A Short Intro to Scheduling/Device Control/Rules in SmartThings Classic

(March 2018: All of the following applies only to the SmartThings Classic app. If you purchased your hub after March 1, 2018 and are using the new “SmartThings (Samsung Connect)” app, creating rules works differently.)

You’ve got your hub. You’ve got some devices. Now how do you schedule what happens when?

SmartThings doesn’t have a rules engine/scheduler, so there’s no one tutorial for how to do this. But it’s an open platform, and there are about 12 different ways to set up various kinds of schedules. Some require custom code, some don’t.

A “scheduler” in this context is anything that causes a networked device to perform an action, even if it’s just to toggle on or off immediately. (Network engineering definition, forgive me. :blush:)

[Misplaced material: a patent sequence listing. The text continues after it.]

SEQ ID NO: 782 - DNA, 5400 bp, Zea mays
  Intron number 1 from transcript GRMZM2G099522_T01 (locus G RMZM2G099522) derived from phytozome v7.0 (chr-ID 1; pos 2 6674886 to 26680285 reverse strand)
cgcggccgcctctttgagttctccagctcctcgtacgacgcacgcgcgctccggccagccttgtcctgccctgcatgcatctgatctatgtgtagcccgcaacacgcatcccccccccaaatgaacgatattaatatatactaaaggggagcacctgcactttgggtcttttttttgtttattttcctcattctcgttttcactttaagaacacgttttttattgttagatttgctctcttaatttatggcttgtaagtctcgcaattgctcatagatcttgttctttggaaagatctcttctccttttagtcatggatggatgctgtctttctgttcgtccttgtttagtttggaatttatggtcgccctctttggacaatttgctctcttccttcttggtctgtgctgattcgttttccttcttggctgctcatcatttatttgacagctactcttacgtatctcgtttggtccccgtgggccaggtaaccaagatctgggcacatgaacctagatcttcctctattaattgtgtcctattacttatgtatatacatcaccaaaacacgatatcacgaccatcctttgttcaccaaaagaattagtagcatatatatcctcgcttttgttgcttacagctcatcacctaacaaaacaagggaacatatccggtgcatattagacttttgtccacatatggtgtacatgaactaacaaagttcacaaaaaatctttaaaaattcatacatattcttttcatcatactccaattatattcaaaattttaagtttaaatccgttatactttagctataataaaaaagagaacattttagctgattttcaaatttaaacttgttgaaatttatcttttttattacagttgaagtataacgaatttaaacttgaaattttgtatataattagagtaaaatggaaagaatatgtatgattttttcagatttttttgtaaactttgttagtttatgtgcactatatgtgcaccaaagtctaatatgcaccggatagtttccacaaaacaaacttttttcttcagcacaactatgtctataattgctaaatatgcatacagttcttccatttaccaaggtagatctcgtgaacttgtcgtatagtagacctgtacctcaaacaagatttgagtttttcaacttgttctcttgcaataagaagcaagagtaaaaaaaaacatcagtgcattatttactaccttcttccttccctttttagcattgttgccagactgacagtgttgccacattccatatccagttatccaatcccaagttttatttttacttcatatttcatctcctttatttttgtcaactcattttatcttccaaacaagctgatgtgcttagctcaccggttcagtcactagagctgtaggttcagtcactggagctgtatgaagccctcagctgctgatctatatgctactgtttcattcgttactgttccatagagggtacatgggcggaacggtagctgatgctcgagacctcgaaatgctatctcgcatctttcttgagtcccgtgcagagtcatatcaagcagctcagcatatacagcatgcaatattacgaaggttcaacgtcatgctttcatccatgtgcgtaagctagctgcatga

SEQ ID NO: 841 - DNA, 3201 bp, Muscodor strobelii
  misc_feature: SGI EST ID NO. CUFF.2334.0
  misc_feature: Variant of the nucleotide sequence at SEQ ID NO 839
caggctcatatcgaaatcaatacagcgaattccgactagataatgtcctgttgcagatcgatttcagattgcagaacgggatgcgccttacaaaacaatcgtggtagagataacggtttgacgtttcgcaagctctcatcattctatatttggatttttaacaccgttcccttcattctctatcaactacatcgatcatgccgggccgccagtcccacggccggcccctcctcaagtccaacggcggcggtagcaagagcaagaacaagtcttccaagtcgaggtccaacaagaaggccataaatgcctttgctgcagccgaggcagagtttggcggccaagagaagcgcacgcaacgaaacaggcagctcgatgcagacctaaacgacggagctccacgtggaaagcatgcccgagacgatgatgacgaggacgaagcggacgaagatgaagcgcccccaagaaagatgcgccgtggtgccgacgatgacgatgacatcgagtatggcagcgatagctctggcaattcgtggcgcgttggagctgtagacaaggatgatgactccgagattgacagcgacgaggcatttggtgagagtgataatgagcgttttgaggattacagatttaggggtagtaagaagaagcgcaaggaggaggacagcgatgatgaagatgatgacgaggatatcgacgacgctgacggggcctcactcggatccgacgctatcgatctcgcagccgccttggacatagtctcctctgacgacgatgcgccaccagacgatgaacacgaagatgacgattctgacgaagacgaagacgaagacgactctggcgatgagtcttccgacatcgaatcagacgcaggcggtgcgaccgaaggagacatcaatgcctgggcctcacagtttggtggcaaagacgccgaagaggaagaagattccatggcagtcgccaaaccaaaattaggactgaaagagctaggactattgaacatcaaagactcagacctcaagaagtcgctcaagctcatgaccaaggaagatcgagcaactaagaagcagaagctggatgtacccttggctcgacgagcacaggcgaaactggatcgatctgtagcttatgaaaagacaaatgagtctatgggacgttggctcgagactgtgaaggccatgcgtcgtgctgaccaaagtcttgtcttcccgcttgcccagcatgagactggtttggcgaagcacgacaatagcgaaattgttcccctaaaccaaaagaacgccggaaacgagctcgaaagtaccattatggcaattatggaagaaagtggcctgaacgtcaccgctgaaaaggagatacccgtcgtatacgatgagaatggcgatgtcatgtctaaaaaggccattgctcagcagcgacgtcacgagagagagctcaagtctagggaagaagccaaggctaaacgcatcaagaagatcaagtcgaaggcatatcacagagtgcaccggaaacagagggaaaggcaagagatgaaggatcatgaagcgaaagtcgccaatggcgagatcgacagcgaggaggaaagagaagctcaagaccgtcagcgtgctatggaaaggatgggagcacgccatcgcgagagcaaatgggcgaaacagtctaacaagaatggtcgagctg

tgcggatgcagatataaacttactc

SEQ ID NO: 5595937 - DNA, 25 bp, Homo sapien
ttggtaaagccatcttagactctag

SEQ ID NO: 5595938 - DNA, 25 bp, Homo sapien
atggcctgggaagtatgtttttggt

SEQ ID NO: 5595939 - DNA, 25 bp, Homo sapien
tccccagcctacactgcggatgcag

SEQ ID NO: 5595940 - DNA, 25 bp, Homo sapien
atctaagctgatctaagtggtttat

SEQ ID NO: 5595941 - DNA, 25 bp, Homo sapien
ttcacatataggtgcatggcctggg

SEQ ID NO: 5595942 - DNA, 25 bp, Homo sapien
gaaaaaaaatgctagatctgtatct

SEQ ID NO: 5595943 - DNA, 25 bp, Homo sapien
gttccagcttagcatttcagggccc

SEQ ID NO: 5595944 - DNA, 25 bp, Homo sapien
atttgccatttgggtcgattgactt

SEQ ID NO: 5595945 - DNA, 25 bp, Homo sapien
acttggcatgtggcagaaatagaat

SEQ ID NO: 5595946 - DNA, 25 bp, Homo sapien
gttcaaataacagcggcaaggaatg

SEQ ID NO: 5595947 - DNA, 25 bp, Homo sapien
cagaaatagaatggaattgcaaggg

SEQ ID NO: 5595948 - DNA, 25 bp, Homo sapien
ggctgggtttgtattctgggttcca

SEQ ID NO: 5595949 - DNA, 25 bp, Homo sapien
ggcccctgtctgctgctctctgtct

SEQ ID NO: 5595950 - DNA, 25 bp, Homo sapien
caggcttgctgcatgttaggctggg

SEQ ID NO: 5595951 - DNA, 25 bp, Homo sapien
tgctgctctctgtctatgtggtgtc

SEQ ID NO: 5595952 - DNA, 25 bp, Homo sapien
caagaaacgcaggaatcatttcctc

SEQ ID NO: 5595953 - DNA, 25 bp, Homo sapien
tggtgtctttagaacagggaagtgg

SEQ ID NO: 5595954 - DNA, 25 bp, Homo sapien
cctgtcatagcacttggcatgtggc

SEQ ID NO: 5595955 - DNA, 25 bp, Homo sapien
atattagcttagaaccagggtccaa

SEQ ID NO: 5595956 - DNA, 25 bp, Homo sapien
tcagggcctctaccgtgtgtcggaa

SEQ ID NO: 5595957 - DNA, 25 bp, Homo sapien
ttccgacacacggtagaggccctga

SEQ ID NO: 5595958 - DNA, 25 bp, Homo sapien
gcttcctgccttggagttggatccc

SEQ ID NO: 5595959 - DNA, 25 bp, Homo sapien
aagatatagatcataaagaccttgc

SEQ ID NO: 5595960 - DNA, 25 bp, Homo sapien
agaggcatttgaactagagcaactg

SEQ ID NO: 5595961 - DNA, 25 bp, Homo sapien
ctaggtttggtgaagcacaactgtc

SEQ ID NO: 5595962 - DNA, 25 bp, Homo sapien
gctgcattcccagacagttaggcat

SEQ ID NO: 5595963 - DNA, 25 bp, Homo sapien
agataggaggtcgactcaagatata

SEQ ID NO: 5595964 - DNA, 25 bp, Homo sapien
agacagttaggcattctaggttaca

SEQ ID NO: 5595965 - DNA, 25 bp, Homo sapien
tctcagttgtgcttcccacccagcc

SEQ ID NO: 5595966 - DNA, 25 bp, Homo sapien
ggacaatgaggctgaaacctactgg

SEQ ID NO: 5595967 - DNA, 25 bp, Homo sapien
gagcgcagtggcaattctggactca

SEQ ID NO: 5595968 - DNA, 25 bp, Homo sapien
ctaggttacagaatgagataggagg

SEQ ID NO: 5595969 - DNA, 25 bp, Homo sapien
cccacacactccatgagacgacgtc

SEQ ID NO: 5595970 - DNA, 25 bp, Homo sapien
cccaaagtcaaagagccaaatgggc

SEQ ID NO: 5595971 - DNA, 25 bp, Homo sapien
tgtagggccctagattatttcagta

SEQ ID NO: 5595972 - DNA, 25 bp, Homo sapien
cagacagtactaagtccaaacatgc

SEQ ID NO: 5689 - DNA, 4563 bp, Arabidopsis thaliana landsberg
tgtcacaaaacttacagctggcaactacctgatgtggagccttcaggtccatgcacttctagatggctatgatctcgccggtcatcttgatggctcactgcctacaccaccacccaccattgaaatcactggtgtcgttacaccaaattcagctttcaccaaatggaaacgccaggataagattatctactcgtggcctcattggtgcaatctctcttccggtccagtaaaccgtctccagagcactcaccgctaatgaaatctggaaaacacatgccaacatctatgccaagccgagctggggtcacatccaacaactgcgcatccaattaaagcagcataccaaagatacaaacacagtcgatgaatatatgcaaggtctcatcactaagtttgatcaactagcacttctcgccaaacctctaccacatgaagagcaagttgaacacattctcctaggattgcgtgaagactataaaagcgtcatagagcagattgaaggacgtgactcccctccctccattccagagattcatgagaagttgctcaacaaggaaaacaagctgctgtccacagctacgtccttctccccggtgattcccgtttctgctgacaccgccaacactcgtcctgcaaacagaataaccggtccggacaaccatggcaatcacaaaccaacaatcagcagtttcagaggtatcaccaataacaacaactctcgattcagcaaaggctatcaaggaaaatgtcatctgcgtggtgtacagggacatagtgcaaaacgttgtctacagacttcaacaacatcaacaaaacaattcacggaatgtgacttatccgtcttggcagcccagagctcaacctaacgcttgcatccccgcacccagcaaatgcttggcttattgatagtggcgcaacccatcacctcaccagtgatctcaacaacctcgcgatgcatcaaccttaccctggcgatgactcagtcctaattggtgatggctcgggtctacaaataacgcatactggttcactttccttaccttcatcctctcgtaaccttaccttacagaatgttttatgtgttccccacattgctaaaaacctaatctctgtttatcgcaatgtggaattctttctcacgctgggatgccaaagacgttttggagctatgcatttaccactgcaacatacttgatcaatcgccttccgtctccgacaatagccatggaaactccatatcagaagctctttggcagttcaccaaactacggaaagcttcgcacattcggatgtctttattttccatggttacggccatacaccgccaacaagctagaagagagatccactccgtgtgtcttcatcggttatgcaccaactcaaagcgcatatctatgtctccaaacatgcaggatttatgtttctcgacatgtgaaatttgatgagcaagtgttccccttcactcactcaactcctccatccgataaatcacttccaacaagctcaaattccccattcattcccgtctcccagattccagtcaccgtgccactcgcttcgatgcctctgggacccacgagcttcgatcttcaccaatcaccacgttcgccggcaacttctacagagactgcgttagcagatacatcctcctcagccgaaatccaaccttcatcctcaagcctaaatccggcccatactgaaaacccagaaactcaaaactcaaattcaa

(Note: as of April 2017, the original author of this FAQ lost the ability to add updated screenshots as VoiceOver capability was broken in the official SmartThings mobile app and has not yet been fixed. Anyone who wants to update the screenshots or any out of date information should feel free to do so.)



When version two of the mobile app was first released, the dashboard, the first screen you see when the mobile app opens, was completely empty.

Now when it opens you will see one option, the smart home monitor. This is a wizard that let you set up various notifications for things like gates being left open, motion on a specific motion sensor, etc.

(Note that at the present time smart home monitor does not have the ability to monitor whether doors are locked or unlocked. Hopefully that will be added soon. )

We have been told that eventually SmartThings will add other options to the dashboard, so we’ll just have to wait and see what those will be.